In my life I have had many struggles. There have been many times that my beliefs were tested. My family members have not always set the best examples of what you should do in life.
I believe that even if people you love are doing something you do not agree with, you should still respect and cherish them because they might not always be there.
From the time I was about five years old until the time I was fifteen, my Mother abused methamphetamines. When I first found out that she was using drugs I thought I hated her. I did not want my friends to find out; I was very embarrassed. I would not invite my friends Kendra or Nicole over for slumber parties or for Friday movie nights. I thought that since I could tell that she was using that they would be able to tell.
It was not until I turned thirteen that I realized that even though I did not agree with the choices my mother was making, I did still love her.
There were times that I tried my hardest to make her get sober. But it seemed like the more I tried to get her sober the more she pushed my help away, stating that it was not my problem to deal with.
There was finally a breaking point in my Mother’s drug addiction. When I was about fourteen, I told my Mom that if she did not quit using drugs or leave her abusive husband that I was going to move to my Dads house. This made my mother think.
She finally realized that I was not just bluffing. I moved to my Dads house for about 2 weeks. She finally told my stepfather that they could not stay together. It was not healthy for them to be together because of the destruction and depression it was causing me and my brother Thomas.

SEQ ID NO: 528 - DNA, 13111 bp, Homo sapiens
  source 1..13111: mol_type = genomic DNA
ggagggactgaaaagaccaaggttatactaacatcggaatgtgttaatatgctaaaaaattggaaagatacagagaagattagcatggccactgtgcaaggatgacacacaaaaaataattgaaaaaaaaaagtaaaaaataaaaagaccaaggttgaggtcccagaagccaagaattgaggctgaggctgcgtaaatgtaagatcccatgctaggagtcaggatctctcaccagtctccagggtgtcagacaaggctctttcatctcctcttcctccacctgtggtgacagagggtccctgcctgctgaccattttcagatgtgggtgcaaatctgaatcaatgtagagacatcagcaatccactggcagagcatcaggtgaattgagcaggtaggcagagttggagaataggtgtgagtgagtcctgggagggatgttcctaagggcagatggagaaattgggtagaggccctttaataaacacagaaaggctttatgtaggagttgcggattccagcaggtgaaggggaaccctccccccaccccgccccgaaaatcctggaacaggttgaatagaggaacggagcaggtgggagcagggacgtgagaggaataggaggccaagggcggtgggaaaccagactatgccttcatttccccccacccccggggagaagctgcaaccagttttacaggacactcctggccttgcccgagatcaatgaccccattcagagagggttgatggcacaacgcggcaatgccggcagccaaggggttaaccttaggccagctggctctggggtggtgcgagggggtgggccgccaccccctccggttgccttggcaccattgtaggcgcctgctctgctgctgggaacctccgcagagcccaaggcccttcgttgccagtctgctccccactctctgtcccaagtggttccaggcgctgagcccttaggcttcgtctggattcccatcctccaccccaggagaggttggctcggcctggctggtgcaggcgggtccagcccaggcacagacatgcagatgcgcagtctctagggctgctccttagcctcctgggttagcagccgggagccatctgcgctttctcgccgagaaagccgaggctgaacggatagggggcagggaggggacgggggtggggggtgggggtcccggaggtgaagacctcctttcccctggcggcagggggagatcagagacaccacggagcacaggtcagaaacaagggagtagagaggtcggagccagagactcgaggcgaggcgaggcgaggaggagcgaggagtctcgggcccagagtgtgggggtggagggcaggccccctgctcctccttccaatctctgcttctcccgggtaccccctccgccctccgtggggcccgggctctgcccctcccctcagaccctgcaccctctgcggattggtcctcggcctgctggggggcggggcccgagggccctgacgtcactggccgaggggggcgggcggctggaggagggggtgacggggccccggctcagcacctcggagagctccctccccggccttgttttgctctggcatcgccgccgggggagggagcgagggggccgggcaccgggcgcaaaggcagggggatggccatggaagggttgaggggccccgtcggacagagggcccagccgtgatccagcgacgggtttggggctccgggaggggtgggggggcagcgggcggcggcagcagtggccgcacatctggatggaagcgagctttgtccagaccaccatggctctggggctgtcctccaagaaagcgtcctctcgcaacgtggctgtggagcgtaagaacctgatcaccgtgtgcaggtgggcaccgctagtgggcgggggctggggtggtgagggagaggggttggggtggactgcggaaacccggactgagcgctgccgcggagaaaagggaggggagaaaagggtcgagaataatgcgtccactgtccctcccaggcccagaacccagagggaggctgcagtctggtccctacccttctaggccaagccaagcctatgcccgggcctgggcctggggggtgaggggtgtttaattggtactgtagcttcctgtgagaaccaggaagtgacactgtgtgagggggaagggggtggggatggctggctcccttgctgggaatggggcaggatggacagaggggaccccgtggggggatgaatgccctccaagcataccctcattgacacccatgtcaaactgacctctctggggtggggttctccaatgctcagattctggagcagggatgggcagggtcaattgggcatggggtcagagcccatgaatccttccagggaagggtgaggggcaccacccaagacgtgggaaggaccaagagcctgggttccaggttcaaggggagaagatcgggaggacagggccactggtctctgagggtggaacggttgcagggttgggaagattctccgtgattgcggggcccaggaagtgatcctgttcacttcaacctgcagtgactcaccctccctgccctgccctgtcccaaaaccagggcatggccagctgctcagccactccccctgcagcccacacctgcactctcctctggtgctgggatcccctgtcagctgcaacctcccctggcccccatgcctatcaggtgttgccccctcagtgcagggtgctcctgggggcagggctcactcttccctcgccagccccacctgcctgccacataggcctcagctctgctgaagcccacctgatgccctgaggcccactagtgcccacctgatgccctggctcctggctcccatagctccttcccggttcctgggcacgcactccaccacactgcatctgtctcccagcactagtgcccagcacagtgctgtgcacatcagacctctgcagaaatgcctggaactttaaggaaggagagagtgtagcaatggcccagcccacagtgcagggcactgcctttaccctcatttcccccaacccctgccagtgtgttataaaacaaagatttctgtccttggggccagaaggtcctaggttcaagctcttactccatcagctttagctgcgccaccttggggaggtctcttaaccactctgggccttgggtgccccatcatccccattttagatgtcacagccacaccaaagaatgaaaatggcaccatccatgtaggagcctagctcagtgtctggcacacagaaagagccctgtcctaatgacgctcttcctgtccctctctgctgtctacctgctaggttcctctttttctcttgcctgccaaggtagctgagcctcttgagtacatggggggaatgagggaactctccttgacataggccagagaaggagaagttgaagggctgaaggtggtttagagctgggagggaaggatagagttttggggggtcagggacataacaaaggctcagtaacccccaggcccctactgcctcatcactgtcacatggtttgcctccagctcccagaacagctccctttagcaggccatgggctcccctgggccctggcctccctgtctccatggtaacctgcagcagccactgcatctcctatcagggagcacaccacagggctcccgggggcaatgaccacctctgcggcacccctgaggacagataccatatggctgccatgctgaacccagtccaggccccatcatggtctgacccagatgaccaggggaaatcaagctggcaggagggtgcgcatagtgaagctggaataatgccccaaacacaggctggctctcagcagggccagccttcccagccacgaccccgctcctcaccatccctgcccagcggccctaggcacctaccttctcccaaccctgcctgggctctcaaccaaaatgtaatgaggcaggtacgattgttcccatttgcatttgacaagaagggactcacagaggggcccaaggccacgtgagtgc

Two weeks after Easter, when I was 15, my Mother and Stepfather separated. My Mother went to drug rehab, and also took time to get to know me and my brother again.
It has taken my Mother 2 years of sobriety to finally find herself again. She is now the Mom that she has always wanted to be. She has been clean and sober since April 22, 2005. It has been two long years. In those two years we have moved over 1,500 miles away from home. We have left family, but we have gained a stronger, somewhat more stable home life, and I myself have gained more respect for my mother.
There are still very few people that I have told about my Mothers drug addiction. Even my best friend Kendra does not know the main reason that we moved to California. I am still slightly embarrassed about my Mothers bad choices. But most of the time I am just so proud of her that I cannot help but tell people that getting sober can and has been accomplished. My mother is a prime example.
This essay is for my mother. I believe in you mom. You are my inspiration in life. I hope that I will always be as strong as you and be able to overcome all obstacles that life throws in my way. Thank you Mom.
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